Dispensing health in Mukuru Kwa Reuben

Riverside village in Mukuru Kwa Reuben has all the markings of a ‘responsible’ neighborhood. It has a school, partly tarmacked, a hospital, social hall and radio station among others. Though part of the densely populated slum, the village has these facilities close by, that would be a heaven to many. The roads within are equally well-spaced.

It is here that I meet Christopher Owiny who walks around likes a colossus. His dark complexion is caressed with snow-white teeth but his calm demeanor, height and reserved nature, lends locals to say he works for intelligence. He heartily laughs over this and has no problem with the tag, if anything he wouldn’t want to be anywhere else.

His Chemist, Mathews Mission Medical Clinic also has a pharmacy where we meet for a chat. In the about half an hour we engaged, two out of five people who visited called ‘Daktari’ (Doctor). He is a clinician so this is quite accurate and he patiently speaks to each, then after the sale, records the transaction.

“I am passionate about helping people and so medicine was a natural career choice, although early one, I actually hoped to join the intelligence”, he jokes.

Chris who calls himself a risk-taker is very big on health education. He is authoritative that this is what separates him from four other clinics in the neighborhood. He therefore does not see them as competition. He is very contented.

The facility can receive up to 100 people per day, but this also depends with whether they have electricity or not. It is a big challenge for him and generally a reality in such residential areas where due to illegal electricity connections, there is no reliable energy to power homes and businesses.

“Health education is about having a relationship with people. You speak to them on any matter they have including counselling, family issues, preventive measures and causes of the ailments that are afflicting them. In this, confidentiality is a big one, which many professionals lack in Kenya”, he notes

In doing the health education, he does not charge and admits this could be reason clients flock to him, which he converts to business and helps retain them. He however charges for clinic, diagnostic and pharmaceutical services.

The Mukuru kwa Ruben Slum (also known as the Mukuru community) was born in Nairobi’s Industrial area over 40 years after independence when people began to build make-shift homes near the factories they worked in. The area now has a population of over 700,000 and many families live in corrugated iron shacks measuring 10 x 10 feet. Many of the slum dwellers in Mukuru work as casual laborers in the manufacturing industries situated close to the slum. It is adjacent to Industrial area.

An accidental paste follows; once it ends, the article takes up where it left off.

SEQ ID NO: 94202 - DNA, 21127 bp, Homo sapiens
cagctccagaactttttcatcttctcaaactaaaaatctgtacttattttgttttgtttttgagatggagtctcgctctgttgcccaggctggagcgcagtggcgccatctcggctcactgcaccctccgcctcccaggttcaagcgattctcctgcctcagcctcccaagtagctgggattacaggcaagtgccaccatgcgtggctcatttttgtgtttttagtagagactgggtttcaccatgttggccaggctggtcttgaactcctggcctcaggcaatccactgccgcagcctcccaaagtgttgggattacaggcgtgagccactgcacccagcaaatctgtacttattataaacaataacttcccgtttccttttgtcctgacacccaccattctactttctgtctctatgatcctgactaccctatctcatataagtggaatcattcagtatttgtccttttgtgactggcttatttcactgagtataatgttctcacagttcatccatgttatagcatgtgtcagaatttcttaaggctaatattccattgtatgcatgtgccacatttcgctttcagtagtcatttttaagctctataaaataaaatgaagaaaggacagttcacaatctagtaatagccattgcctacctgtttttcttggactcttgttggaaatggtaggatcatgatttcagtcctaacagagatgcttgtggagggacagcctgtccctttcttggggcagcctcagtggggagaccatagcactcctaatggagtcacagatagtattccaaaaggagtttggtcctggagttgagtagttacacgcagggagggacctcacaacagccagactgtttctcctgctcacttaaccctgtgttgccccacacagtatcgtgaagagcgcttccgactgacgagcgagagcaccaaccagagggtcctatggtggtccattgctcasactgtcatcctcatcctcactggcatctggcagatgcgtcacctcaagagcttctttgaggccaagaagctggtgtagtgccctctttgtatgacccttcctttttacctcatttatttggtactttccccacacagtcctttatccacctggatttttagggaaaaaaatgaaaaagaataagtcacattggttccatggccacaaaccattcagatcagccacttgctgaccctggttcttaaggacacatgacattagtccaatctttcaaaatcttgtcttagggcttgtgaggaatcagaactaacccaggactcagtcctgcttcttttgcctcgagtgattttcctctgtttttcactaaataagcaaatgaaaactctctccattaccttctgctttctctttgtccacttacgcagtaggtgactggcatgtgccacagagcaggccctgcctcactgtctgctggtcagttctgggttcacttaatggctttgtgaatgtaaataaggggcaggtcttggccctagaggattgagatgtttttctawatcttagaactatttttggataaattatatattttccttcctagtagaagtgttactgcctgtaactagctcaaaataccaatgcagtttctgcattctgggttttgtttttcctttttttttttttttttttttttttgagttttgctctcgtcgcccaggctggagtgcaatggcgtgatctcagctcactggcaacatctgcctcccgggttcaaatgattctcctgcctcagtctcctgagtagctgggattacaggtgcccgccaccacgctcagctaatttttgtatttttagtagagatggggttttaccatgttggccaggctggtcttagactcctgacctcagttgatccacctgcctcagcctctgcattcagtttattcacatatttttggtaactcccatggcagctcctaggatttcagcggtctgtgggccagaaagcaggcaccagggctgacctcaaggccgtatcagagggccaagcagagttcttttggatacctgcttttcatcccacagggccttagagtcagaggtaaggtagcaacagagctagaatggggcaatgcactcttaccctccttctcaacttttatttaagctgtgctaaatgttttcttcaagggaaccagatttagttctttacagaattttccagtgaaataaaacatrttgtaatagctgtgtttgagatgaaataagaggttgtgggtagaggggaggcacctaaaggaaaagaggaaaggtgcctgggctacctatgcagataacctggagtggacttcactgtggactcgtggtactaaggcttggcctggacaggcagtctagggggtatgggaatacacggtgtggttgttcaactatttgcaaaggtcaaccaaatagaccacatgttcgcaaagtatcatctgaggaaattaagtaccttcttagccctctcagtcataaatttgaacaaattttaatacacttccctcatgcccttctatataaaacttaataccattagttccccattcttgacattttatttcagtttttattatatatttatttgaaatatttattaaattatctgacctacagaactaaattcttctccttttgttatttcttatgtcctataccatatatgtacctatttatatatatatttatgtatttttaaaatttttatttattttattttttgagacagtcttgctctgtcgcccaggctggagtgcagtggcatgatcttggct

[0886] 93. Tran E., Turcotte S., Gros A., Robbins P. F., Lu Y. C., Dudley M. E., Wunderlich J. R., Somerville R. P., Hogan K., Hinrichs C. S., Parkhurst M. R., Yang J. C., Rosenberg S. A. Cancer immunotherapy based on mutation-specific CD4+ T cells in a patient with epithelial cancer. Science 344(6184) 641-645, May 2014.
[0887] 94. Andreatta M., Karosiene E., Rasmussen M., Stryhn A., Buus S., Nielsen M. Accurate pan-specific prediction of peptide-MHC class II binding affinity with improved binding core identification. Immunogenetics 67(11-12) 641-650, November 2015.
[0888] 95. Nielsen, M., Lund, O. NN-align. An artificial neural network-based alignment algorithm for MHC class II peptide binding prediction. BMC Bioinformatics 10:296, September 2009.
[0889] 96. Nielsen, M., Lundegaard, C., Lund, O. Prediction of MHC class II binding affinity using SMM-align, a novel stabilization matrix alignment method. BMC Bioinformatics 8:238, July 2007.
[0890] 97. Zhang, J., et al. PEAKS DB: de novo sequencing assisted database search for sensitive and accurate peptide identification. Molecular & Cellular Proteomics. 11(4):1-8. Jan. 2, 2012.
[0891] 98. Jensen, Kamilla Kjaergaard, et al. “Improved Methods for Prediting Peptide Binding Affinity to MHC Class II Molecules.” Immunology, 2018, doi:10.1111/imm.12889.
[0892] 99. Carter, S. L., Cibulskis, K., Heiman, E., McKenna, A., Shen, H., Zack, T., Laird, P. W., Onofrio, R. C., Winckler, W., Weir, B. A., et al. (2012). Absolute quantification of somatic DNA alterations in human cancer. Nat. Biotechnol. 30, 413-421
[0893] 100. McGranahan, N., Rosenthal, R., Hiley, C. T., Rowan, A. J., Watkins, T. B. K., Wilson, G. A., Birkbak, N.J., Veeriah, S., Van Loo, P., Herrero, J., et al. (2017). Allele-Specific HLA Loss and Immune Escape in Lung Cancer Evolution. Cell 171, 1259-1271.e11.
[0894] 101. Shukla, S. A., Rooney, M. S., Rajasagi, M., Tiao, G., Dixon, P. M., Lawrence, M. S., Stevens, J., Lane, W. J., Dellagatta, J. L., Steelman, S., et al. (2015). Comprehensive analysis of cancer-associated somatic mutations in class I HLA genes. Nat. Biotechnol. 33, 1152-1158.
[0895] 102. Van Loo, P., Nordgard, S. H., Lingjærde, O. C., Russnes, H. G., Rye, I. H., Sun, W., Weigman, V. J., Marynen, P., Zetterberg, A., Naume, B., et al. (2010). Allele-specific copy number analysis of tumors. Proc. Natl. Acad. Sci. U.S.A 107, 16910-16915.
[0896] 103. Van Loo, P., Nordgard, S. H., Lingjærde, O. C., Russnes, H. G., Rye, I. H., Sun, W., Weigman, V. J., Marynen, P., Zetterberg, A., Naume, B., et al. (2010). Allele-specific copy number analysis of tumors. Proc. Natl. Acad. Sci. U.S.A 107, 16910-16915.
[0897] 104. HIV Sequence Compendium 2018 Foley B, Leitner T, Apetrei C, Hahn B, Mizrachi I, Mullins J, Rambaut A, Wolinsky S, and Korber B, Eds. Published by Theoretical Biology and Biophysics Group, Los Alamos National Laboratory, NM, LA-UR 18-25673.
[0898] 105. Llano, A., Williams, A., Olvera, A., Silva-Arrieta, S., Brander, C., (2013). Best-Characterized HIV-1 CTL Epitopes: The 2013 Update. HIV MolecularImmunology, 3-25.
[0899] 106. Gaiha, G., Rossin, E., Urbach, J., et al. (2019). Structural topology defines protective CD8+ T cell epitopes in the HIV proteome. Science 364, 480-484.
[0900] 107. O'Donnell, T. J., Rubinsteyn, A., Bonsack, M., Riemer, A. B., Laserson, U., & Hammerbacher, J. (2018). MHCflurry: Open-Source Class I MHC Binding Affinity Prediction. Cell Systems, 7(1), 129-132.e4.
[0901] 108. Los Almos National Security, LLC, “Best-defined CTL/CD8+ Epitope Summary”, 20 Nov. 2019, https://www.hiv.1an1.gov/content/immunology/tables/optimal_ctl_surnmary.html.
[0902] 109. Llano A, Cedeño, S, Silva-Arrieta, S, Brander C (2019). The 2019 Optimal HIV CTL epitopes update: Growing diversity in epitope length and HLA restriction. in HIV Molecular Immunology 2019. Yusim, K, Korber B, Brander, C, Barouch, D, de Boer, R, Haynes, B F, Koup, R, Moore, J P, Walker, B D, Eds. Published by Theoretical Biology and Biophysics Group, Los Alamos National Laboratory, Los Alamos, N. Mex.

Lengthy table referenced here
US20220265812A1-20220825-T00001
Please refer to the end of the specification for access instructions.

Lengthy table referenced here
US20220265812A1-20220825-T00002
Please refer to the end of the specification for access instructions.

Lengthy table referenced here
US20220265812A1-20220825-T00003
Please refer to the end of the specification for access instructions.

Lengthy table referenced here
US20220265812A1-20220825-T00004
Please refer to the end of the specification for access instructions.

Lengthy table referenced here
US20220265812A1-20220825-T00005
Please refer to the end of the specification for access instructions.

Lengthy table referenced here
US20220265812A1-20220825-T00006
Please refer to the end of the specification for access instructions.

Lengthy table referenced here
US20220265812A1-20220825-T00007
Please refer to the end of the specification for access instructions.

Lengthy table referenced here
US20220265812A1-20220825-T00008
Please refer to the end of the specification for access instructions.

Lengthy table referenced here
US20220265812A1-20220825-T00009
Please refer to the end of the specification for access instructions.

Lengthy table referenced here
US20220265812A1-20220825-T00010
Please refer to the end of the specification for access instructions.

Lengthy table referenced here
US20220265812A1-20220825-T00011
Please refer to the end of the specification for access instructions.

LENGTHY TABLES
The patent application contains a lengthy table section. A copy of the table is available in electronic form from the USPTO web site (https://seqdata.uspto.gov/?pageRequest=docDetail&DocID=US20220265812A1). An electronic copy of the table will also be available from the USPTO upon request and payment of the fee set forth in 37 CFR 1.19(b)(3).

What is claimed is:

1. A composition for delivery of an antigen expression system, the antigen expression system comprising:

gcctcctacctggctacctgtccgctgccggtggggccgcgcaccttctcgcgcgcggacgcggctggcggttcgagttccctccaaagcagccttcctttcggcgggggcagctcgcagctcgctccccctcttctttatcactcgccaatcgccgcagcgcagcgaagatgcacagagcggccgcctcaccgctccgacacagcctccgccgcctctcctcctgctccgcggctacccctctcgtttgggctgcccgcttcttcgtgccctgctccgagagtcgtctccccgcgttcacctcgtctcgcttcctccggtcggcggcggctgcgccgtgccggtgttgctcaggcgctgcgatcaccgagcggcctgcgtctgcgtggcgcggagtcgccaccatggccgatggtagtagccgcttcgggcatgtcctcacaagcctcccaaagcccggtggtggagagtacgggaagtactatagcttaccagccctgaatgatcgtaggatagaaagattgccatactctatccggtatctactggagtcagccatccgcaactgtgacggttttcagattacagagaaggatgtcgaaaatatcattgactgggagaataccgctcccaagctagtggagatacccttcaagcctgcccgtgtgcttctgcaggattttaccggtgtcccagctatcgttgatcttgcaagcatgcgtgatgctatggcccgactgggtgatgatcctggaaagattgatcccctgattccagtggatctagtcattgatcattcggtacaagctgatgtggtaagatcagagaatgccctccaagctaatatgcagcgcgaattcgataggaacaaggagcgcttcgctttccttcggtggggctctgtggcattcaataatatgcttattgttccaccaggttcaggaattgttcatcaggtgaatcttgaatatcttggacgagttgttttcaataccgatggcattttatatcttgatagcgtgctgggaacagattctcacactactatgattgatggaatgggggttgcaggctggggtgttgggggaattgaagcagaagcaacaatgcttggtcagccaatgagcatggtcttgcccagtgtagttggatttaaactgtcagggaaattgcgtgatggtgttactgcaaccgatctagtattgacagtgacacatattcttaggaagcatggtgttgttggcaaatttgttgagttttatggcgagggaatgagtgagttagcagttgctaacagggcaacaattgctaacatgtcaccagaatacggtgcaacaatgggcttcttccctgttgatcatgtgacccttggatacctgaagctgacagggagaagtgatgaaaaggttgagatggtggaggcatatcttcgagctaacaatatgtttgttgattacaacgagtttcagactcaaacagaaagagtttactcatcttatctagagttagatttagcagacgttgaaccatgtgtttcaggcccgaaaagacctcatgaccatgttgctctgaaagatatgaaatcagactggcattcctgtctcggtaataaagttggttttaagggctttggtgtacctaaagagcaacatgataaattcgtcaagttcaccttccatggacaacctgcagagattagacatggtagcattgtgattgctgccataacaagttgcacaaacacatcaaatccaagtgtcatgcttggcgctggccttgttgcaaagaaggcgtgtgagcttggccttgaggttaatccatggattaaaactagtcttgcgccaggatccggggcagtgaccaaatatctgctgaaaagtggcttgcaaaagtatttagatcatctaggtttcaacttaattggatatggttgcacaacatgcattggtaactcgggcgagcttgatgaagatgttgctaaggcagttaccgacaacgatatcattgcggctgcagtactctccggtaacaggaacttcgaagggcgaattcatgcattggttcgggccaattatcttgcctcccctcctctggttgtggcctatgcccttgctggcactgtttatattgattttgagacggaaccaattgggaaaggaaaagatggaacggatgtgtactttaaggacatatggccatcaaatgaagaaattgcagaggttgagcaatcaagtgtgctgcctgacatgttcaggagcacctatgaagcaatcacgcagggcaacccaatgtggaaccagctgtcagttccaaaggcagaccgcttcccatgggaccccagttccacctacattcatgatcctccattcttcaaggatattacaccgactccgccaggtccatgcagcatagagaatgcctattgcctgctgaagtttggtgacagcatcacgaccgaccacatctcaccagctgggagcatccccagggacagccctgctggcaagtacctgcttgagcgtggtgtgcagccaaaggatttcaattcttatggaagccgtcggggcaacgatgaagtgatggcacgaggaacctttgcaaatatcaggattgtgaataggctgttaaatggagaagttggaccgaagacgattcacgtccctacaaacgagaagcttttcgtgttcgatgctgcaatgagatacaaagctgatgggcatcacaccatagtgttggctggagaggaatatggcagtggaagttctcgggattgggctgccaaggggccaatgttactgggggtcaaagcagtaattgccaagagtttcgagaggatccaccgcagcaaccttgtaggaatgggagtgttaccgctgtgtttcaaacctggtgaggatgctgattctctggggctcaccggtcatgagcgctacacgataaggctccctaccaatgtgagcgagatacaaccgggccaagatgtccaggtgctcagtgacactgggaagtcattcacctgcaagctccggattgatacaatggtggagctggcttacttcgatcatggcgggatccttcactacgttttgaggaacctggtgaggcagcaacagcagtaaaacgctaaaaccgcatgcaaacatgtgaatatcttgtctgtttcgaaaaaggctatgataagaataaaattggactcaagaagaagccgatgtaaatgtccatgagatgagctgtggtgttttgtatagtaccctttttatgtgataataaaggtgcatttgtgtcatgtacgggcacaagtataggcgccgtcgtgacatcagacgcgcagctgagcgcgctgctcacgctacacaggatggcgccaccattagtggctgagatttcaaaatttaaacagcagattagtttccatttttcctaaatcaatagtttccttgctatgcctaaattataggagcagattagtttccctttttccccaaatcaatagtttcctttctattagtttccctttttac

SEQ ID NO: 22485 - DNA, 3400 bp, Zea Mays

Other than Riverside, other villages in Mukuru kwa Reuben include Kwa Njenga, Lunga Lunga, Sinai, Kingstone, Kayaba and Fuata Nyayo.

At the facility, he has an observation room and other medical equipment but is limited with good facilities. The structure is in a mabati house, which limits his ability to attract more services like using NHIF for payments since they see this as a safety risk. It also has its sanitation realities.

He has tried to move to a permanent structure but these are very few in the area and those that come up are taken up fast before completion. He is also reluctant to move elsewhere considering the client base he has build and strategic location he is based. Security is also excellent in the area and this is a big consideration for him.

Ndoto Zetu

Chris is a beneficiary of Ndoto Zetu that he applied last year. He received three hospital beds, portable ultra sound scan machine, three pillows, three blankets, delivery set, three mattresses, on call plus glucometer and non-contact thermos gun.

The portable ultra sound scan machine donated by Safaricom under the Ndoto Zetu program.

It is one year since he received them and is grateful that he is now able to better dispense quality health services. He only mourns his ability to do more due to electricity challenges.

Today, the equipment helps him take patients for observation who can stay for longer hours.

He is also part of Mathews Mission Community Based Organization (CBO) who periodically do free medical and community sensitization in the area. The CBO has 20 members who come in from time to time when needed.

The journey for him started in Tanzania where he studied clinical medicine, then ran a pharmacy in Kibra in 2019 before moving to Mukuru Kwa Reuben.

“Revenues are consistent here and we are able to grow slowly, develop the facility and pay dues we owe. We would certainly be far ahead if we had reliable electricity since we would serve more people consistently. But we are grateful where we are and look forward to helping more people in time”, he quips.


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